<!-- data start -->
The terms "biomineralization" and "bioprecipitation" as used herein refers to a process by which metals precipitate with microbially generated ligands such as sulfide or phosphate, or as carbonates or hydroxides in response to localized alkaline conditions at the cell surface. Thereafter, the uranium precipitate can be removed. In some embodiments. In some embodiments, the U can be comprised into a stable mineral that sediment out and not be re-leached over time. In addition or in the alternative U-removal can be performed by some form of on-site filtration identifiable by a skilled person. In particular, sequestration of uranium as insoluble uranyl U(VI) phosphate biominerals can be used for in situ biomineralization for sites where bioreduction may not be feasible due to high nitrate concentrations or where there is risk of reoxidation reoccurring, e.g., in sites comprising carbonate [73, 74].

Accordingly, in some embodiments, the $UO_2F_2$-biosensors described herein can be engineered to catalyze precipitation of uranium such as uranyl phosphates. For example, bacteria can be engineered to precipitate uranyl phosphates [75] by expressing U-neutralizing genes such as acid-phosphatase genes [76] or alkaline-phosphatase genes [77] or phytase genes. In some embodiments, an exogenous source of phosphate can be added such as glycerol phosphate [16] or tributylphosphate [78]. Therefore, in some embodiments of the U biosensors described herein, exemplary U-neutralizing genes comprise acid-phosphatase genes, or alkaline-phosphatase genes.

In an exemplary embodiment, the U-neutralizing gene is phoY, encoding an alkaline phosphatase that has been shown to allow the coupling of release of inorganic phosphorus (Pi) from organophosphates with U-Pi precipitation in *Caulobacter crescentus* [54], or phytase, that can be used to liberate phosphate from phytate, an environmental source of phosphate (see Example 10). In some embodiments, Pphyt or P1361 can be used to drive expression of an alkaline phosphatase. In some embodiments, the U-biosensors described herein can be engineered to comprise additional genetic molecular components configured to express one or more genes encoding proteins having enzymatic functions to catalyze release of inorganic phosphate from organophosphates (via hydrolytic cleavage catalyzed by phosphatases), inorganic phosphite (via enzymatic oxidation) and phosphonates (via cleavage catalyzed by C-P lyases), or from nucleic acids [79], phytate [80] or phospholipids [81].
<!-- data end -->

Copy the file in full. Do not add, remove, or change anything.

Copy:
The terms "biomineralization" and "bioprecipitation" as used herein refers to a process by which metals precipitate with microbially generated ligands such as sulfide or phosphate, or as carbonates or hydroxides in response to localized alkaline conditions at the cell surface. Thereafter, the uranium precipitate can be removed. In some embodiments. In some embodiments, the U can be comprised into a stable mineral that sediment out and not be re-leached over time. In addition or in the alternative U-removal can be performed by some form of on-site filtration identifiable by a skilled person. In particular, sequestration of uranium as insoluble uranyl U(VI) phosphate biominerals can be used for in situ biomineralization for sites where bioreduction may not be feasible due to high nitrate concentrations or where there is risk of reoxidation reoccurring, e.g., in sites comprising carbonate [73, 74].

Accordingly, in some embodiments, the $UO_2F_2$-biosensors described herein can be engineered to catalyze precipitation of uranium such as uranyl phosphates. For example, bacteria can be engineered to precipitate uranyl phosphates [75] by expressing U-neutralizing genes such as acid-phosphatase genes [76] or alkaline-phosphatase genes [77] or phytase genes. In some embodiments, an exogenous source of phosphate can be added such as glycerol phosphate [16] or tributylphosphate [78]. Therefore, in some embodiments of the U biosensors described herein, exemplary U-neutralizing genes comprise acid-phosphatase genes, or alkaline-phosphatase genes.

In an exemplary embodiment, the U-neutralizing gene is phoY, encoding an alkaline phosphatase that has been shown to allow the coupling of release of inorganic phosphorus (Pi) from organophosphates with U-Pi precipitation in *Caulobacter crescentus* [54], or phytase, that can be used to liberate phosphate from phytate, an environmental source of phosphate (see Example 10). In some embodiments, Pphyt or P1361 can be used to drive expression of an alkaline phosphatase. In some embodiments, the U-biosensors described herein can be engineered to comprise additional genetic molecular components configured to express one or more genes encoding proteins having enzymatic functions to catalyze release of inorganic phosphate from organophosphates (via hydrolytic cleavage catalyzed by phosphatases), inorganic phosphite (via enzymatic oxidation) and phosphonates (via cleavage catalyzed by C-P lyases), or from nucleic acids [79], phytate [80] or phospholipids [81].